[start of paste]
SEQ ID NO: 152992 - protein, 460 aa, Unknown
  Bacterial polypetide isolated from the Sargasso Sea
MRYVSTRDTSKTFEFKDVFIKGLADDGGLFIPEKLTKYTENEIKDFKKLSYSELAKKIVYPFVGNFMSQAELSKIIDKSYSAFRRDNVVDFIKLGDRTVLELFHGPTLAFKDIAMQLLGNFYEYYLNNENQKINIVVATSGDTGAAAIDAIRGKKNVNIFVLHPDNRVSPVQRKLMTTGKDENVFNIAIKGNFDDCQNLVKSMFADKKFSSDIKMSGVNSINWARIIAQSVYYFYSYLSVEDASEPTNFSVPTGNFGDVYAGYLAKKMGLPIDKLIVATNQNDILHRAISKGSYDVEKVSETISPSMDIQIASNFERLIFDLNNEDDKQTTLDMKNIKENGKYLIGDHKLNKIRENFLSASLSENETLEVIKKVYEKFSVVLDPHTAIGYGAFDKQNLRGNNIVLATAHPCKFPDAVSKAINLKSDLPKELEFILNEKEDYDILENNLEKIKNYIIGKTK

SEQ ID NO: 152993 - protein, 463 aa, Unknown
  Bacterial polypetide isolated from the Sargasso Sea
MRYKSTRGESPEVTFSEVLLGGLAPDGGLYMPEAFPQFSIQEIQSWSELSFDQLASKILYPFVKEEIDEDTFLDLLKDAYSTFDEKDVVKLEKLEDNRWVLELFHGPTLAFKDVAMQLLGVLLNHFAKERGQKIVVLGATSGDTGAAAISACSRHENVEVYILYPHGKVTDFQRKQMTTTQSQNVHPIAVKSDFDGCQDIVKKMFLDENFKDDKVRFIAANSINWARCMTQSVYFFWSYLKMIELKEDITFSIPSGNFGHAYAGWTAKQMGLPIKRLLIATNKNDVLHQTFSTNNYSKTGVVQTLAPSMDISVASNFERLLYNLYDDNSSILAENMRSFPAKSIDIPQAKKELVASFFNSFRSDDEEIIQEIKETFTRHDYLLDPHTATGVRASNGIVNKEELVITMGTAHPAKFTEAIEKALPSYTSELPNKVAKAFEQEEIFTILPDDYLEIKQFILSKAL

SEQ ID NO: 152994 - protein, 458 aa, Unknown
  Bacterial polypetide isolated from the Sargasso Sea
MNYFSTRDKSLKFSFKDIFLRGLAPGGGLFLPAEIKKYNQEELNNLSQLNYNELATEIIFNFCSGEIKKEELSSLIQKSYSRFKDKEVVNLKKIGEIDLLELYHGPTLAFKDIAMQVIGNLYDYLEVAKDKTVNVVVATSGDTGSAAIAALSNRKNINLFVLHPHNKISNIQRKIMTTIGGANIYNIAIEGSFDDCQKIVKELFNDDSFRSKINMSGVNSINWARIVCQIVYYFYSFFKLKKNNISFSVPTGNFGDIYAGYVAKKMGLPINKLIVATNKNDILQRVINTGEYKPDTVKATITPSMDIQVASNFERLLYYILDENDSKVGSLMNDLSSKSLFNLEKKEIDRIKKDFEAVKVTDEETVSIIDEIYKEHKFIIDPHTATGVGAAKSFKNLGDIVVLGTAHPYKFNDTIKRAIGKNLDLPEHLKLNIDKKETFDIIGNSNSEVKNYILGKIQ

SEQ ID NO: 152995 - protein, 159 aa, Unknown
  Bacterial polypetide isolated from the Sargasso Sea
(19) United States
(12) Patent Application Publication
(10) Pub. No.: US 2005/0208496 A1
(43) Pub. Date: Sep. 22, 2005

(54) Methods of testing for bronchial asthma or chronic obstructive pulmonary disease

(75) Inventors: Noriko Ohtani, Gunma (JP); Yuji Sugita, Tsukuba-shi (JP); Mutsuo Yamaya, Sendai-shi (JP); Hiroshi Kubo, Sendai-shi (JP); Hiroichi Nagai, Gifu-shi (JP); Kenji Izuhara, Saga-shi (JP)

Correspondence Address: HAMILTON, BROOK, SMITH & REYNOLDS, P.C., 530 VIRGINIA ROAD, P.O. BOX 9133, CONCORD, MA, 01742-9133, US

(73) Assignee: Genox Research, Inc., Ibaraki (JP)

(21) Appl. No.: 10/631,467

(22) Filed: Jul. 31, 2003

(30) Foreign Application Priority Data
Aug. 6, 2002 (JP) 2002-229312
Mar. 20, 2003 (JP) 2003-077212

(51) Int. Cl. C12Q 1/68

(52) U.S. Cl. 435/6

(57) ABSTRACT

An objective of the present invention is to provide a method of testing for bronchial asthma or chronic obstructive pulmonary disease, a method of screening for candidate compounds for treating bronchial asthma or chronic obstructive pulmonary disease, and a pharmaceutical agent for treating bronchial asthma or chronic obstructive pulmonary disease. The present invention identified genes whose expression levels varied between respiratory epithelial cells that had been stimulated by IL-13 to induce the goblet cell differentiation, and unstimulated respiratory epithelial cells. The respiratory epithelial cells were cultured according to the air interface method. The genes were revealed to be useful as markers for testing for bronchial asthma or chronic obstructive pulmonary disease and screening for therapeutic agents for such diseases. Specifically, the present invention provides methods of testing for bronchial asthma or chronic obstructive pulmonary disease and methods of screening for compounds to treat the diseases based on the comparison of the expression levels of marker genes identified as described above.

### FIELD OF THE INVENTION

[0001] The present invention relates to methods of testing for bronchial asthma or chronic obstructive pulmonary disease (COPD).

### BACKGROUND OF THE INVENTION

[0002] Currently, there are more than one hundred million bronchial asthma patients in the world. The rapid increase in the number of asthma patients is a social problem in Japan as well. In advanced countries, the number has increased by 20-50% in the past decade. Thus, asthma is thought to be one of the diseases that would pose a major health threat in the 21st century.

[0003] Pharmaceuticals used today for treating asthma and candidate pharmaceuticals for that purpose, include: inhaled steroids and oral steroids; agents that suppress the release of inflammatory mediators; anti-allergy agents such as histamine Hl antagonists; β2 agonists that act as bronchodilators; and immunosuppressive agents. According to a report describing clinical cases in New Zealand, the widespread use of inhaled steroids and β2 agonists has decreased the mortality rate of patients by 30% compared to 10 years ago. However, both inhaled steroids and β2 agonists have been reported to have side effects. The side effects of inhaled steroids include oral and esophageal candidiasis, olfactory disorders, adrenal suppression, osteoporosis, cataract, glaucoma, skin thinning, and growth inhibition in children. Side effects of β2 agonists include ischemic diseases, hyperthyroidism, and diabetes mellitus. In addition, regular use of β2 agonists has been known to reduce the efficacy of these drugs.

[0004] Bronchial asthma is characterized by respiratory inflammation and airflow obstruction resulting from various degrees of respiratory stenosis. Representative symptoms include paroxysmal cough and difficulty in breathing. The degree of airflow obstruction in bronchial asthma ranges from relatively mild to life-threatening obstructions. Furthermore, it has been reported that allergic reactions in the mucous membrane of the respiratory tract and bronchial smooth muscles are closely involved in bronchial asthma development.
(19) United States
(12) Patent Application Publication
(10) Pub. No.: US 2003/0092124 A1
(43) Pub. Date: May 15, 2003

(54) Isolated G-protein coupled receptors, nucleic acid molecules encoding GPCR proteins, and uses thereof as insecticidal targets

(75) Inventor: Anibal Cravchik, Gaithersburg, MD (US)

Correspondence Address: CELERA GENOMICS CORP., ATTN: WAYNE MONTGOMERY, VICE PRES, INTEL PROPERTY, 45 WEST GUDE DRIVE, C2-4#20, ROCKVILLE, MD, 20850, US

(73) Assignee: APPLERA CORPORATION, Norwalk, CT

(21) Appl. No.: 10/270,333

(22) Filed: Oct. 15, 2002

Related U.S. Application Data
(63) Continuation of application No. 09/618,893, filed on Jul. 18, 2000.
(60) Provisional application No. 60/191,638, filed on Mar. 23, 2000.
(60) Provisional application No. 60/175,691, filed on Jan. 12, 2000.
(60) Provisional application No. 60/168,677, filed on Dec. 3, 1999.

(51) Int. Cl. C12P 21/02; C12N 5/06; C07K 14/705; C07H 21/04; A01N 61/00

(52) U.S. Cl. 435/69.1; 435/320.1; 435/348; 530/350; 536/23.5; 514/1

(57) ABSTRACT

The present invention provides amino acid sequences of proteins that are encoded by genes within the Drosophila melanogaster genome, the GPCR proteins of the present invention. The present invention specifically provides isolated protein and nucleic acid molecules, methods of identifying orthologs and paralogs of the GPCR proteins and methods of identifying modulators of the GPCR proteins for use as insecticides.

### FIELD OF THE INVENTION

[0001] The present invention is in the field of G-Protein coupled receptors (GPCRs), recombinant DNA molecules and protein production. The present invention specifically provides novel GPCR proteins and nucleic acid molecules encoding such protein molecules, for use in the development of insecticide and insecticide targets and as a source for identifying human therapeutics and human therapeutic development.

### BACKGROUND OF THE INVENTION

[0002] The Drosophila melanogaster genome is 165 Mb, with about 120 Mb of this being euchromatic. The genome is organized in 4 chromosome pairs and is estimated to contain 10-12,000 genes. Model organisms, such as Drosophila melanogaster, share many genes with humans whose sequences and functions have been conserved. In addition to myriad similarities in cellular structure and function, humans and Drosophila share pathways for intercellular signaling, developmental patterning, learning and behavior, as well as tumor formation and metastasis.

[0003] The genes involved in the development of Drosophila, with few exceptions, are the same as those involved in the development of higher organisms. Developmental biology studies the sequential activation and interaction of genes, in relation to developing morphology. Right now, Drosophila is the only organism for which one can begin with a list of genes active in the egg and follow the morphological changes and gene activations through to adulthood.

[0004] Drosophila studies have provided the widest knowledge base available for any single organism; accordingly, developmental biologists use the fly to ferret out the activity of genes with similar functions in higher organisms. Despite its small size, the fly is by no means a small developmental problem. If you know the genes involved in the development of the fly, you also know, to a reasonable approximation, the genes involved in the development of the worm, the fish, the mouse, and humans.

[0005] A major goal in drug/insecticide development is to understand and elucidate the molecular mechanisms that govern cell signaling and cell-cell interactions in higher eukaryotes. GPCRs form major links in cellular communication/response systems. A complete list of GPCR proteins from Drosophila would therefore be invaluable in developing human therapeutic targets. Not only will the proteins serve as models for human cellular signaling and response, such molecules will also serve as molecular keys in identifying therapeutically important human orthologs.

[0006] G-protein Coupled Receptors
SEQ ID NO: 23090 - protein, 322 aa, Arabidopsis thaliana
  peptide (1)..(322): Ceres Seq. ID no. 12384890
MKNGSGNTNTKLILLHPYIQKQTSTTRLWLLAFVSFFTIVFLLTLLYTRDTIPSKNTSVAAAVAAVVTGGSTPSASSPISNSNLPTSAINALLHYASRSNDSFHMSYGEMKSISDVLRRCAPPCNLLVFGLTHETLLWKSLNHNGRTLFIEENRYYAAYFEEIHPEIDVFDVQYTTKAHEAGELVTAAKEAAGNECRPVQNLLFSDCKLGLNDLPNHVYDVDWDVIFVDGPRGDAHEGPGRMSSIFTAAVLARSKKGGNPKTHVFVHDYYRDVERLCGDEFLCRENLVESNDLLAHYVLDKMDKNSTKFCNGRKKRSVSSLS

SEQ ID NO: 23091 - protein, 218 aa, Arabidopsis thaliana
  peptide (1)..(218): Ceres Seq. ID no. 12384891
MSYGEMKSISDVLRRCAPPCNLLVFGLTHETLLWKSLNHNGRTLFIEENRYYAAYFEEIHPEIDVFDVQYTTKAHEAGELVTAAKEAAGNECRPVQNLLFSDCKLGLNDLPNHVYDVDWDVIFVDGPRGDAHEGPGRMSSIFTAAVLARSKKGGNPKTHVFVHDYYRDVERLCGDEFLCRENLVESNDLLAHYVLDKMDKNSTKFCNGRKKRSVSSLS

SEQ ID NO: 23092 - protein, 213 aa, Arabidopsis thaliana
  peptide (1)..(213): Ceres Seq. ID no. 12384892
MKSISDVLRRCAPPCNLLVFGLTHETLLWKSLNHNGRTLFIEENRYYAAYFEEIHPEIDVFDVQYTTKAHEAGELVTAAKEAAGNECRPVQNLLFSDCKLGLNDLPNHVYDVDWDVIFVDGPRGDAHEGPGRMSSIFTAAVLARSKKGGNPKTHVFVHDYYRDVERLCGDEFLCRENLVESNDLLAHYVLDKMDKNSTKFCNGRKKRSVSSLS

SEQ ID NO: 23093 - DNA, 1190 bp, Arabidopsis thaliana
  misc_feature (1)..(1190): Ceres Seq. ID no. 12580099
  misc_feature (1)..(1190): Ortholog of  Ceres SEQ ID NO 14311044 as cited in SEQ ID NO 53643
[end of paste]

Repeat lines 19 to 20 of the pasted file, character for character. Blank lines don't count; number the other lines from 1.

(73) Assignee: Genox Research, Inc., Ibaraki (JP)

(21) Appl. No.: 10/631,467